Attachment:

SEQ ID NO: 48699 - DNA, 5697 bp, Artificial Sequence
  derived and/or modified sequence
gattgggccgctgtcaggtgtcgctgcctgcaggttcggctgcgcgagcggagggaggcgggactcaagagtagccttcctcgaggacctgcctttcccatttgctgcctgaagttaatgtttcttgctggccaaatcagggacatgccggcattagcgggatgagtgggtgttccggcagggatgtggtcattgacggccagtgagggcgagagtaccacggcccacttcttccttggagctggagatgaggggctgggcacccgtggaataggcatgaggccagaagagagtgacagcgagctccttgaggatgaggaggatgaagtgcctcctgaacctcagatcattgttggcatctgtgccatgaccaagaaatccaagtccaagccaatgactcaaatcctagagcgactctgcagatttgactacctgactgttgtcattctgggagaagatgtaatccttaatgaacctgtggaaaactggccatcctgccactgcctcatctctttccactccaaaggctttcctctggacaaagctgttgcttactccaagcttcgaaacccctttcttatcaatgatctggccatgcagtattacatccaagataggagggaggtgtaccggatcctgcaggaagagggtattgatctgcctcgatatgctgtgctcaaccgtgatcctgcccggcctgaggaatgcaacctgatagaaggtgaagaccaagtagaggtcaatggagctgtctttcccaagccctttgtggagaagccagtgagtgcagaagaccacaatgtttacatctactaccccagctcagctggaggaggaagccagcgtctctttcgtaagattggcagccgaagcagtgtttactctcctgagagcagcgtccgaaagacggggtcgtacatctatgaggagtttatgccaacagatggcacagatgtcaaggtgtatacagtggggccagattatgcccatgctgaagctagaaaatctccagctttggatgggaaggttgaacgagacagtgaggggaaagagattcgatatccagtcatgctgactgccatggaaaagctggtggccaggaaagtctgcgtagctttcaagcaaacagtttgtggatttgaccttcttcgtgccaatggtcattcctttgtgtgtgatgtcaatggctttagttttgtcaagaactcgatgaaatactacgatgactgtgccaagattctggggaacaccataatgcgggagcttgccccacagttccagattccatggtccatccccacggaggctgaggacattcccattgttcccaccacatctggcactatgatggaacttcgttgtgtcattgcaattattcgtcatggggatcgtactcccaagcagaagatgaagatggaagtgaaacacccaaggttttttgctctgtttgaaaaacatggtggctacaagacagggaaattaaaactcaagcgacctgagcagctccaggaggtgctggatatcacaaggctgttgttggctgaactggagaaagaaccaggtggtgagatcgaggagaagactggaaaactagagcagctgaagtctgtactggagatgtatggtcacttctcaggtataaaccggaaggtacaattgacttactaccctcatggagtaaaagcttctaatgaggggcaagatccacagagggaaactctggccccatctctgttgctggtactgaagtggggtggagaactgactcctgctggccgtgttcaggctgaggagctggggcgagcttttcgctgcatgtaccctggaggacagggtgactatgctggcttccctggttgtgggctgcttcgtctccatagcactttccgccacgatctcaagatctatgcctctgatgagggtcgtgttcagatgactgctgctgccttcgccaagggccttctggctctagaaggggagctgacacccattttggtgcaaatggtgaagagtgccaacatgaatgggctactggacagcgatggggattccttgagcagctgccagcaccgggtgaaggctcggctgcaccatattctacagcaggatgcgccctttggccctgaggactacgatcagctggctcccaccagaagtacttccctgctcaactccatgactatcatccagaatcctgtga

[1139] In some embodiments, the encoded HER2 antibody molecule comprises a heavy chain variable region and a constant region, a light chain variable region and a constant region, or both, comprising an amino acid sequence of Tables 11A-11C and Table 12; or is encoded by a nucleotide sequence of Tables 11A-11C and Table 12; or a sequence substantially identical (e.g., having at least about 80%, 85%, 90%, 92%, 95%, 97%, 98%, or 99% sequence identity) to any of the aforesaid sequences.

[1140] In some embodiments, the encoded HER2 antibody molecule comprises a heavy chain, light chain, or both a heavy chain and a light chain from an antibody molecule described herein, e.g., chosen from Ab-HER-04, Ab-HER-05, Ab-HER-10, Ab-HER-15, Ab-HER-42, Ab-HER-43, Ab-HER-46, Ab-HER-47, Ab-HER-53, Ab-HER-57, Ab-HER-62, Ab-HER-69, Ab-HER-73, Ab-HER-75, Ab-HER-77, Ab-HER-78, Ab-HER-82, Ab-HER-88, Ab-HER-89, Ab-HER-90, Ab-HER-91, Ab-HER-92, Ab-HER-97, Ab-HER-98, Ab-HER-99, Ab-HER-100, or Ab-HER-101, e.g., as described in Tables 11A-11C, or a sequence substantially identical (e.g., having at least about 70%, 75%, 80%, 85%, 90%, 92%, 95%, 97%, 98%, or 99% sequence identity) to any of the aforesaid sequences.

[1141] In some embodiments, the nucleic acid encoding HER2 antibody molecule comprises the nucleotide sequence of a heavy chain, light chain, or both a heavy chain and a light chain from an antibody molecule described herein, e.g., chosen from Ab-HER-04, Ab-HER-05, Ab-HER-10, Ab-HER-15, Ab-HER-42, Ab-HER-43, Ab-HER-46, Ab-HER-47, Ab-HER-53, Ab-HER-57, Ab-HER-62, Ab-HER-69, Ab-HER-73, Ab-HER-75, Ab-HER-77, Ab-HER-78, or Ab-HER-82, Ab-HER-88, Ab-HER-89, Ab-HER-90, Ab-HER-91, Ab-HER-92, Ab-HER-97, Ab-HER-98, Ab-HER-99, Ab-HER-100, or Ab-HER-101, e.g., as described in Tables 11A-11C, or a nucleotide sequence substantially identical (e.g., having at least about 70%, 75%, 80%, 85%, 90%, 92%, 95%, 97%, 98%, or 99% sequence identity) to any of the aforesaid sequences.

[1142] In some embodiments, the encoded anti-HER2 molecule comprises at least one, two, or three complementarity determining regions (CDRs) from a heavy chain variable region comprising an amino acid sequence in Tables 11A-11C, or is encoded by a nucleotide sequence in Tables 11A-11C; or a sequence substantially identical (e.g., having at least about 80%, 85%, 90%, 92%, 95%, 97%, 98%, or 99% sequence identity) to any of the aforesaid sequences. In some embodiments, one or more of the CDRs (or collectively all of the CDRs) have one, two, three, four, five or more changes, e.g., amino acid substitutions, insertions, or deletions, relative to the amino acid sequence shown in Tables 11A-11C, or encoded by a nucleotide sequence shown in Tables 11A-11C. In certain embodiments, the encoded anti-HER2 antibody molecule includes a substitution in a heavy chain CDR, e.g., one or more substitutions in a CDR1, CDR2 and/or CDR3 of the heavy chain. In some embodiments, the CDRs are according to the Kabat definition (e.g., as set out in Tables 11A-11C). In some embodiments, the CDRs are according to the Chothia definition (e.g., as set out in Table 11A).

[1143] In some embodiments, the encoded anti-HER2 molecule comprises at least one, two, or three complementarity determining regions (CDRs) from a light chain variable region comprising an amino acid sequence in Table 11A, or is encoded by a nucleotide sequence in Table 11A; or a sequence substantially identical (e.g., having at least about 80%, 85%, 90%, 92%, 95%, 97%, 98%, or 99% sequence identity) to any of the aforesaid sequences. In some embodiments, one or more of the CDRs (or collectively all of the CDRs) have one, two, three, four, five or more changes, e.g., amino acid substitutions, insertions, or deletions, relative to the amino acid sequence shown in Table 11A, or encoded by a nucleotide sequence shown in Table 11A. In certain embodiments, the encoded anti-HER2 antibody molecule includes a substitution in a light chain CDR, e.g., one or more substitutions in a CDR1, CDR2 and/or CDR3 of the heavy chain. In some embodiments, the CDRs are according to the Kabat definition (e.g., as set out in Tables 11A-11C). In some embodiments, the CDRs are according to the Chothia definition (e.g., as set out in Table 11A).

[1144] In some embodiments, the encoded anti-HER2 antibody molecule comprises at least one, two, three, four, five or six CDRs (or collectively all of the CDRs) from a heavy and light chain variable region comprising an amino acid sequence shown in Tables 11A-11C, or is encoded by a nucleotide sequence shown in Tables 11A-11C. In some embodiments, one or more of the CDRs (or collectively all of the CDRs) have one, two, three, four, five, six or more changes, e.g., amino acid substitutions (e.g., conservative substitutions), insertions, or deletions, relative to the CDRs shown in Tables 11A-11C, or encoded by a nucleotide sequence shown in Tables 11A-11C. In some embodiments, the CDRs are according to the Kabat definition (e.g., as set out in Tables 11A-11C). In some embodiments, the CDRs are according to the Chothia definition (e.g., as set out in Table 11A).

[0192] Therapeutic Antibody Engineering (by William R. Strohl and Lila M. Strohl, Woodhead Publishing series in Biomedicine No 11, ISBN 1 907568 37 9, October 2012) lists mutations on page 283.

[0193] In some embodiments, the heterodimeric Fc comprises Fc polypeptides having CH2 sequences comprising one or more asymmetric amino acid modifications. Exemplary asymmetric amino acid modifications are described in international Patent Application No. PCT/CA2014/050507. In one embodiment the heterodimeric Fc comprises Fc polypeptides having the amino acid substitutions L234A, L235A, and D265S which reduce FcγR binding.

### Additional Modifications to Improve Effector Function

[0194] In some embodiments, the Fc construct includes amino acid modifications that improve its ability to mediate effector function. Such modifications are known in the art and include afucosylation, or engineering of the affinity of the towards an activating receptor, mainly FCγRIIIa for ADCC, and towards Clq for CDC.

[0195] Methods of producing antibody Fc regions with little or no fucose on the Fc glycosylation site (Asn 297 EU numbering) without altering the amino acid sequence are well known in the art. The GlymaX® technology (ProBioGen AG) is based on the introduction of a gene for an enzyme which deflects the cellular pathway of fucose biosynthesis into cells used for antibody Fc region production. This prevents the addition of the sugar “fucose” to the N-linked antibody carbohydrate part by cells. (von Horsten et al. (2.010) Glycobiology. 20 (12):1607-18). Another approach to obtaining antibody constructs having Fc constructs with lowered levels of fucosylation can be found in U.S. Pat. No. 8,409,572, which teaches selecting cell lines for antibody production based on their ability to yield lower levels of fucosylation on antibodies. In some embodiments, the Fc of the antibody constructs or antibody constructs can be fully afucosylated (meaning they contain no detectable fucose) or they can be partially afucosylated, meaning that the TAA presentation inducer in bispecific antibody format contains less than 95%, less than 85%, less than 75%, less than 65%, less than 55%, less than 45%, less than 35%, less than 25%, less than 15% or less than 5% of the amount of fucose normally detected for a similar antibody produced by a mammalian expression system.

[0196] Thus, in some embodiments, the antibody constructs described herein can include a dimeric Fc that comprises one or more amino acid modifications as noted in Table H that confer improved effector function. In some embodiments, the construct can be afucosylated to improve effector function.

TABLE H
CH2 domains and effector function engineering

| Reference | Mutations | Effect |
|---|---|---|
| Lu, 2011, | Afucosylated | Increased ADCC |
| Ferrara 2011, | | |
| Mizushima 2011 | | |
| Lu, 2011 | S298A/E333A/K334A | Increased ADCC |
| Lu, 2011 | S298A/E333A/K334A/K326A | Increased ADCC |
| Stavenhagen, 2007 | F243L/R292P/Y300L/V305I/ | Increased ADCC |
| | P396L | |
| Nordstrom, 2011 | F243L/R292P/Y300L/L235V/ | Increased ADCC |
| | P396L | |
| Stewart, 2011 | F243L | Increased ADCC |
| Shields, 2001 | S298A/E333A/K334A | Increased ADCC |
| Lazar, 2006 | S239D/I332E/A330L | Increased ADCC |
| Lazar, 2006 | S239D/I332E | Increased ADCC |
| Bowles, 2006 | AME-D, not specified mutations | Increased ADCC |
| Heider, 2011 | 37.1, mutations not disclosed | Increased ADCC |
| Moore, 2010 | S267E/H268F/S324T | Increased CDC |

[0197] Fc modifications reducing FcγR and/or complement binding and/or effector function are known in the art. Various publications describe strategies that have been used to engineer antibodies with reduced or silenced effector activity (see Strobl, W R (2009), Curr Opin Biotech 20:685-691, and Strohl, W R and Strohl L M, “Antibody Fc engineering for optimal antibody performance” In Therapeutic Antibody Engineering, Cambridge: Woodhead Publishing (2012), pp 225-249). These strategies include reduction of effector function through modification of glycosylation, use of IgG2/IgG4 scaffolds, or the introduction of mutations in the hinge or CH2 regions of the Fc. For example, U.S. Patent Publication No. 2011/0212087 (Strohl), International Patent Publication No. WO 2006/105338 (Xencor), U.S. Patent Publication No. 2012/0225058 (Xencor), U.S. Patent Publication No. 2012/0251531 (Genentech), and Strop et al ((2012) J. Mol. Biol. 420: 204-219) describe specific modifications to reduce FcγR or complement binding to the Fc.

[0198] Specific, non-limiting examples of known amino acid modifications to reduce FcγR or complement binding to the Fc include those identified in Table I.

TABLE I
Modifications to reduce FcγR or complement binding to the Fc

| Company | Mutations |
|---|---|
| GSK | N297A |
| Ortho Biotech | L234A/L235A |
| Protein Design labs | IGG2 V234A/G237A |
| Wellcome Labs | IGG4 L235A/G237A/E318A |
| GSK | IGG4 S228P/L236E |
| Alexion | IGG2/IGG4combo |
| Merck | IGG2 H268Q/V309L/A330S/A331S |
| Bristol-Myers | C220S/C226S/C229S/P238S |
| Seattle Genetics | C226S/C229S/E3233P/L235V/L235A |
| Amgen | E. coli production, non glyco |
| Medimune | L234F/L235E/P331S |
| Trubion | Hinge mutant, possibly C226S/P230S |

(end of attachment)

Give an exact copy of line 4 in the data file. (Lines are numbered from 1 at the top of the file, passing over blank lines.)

[1139] In some embodiments, the encoded HER2 antibody molecule comprises a heavy chain variable region and a constant region, a light chain variable region and a constant region, or both, comprising an amino acid sequence of Tables 11A-11C and Table 12; or is encoded by a nucleotide sequence of Tables 11A-11C and Table 12; or a sequence substantially identical (e.g., having at least about 80%, 85%, 90%, 92%, 95%, 97%, 98%, or 99% sequence identity) to any of the aforesaid sequences.